"Identity in the making" in an adolescent new media maker experience : the role of interest, figured worlds, and use of authentic tools and practices Public Deposited

http://ir.library.oregonstate.edu/concern/graduate_thesis_or_dissertations/9593tz89b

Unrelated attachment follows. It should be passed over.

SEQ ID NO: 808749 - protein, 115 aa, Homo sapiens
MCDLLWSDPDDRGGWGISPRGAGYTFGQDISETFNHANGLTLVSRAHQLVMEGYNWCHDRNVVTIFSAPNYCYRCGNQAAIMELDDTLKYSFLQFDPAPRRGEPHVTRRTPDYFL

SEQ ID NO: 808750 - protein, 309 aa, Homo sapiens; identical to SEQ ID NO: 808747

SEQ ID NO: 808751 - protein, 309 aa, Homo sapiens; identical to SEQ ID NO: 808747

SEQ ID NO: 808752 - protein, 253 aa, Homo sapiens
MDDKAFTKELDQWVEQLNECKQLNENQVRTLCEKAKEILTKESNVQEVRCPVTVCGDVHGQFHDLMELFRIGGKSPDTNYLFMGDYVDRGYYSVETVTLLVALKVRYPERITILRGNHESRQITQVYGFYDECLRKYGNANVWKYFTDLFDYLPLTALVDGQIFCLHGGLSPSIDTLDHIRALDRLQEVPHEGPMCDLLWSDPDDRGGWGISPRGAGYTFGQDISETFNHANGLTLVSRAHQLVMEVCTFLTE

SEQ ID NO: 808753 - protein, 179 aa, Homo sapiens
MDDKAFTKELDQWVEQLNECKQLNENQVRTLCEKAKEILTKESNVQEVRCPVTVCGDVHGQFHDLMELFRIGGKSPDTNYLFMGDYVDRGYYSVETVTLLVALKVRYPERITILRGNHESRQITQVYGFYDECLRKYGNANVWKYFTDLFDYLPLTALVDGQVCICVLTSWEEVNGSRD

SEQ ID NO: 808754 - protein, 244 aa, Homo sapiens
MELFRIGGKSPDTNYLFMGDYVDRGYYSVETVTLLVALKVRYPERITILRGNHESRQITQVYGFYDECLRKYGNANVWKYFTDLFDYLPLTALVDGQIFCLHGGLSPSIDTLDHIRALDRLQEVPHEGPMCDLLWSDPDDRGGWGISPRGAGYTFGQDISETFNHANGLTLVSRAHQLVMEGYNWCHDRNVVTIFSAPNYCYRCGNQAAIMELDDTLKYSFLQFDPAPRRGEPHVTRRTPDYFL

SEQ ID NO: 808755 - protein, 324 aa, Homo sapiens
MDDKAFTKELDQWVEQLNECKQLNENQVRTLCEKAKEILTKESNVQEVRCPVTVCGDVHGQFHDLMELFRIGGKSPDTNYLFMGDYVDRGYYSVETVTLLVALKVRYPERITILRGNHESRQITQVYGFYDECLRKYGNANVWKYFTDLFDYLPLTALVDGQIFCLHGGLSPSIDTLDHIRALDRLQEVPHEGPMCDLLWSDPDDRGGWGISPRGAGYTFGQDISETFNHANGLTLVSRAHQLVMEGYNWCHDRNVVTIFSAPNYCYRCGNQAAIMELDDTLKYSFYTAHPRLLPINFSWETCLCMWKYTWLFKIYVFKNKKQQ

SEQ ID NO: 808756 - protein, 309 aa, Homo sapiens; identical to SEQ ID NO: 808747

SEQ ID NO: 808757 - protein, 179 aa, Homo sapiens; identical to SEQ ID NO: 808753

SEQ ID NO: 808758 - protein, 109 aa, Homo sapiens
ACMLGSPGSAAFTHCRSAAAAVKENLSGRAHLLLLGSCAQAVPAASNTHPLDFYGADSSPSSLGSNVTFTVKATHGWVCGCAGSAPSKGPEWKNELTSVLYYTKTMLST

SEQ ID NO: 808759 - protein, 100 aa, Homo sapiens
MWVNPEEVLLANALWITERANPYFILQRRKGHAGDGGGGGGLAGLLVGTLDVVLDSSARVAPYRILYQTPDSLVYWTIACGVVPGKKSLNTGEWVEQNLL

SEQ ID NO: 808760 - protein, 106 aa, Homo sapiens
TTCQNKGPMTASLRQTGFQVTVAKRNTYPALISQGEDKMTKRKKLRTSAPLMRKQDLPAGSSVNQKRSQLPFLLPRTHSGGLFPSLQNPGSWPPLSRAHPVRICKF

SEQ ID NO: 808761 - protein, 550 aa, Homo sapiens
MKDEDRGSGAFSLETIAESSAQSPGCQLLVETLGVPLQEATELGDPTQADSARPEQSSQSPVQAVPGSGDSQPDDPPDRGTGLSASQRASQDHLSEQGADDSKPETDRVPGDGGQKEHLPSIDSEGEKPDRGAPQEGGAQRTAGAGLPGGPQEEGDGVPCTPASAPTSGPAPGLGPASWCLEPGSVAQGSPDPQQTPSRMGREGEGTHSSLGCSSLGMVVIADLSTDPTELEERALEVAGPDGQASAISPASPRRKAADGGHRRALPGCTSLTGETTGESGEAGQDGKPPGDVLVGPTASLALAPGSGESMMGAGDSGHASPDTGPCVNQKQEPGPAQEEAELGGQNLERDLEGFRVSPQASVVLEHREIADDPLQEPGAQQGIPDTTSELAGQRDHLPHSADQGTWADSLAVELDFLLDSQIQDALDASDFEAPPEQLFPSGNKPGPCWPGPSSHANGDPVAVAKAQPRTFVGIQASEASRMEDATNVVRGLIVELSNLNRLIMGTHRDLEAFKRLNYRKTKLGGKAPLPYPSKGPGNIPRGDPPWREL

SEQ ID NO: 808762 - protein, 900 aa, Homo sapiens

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  • Human development researchers consider adolescence a rich time for interest development and identity exploration. A relatively new movement in the Free-Choice Learning (FCL) arena, the Maker movement, offers learners interest-driven, experiential, often collaborative, and process-oriented activities ranging from game design (computer-based and otherwise) and robotics, to sewing LEDs into clothing and anything in between. Maker activities can be engaged in at home, in FCL settings, such as museums or libraries, as part of the school day or extended school day, or in community settings, however there is concern that youth and families living in under-resourced communities may not be aware of the movement nor have access to Maker experiences. I hypothesized that a new media Maker experience, in which early adolescents in a diverse, under-resourced community design their own computer-based games, would provide a window in which to observe youths' STEM (Science, Technology, Engineering, and Mathematics) interest development (STEM topics, activities, and careers), identity exploration, and understanding of technology and their relationship to it. I conducted a mixed-methods study with ten early adolescents in an underrepresented community, who participated in an intensive, nine-week afterschool game design program. Hidi & Renninger's four-phase model of interest development, Ito, et.al.'s genres of participation, Holland, et. al.'s figured worlds and a place-based lens provided an analytical frame for the Maker experience and methods included observations of the activities, interactions, and conversations youth engaged in; completion of an interest questionnaire at the beginning and end of the experience. Research methods included observations of the activities, interactions, and conversations the youth engaged in; Personal Meaning Mapping; in-depth interviews; and, pronoun usage and artifact analyses. Findings showed that the new media Maker space afforded diverse and underserved youth in the study new ways to identify with technology, explore their interests and re-Make their identities with each other, near peer mentors, and adult facilitators. The authentic nature of the experience allowing youth to collaborate, engage in real game design practices, and utilize genuine tools, was critical, and the figured world of this new media Make experience provided youth opportunities to exercise agency and to position themselves as active producers using technology, rather than passive consumers of technology. The synergy of the Personal, Socio-Cultural and Physical dimensions of the experiences provided a space/place in which underserved youth interested in technology could identify more personally with the tools and practices of technology, broadening and deepening their interest and transforming their relationship to it. Study findings have implications for researchers studying youth interest development, identity exploration and technology use, as well as for practitioners (FCL and K-12), designing learning experiences for youth. Critical components that supported youth agency, interest development and identity exploration around technology were the intentional use of a non-hierarchical facilitation style, authentic tools and practices, collaboration, interest-driven activity and choice.
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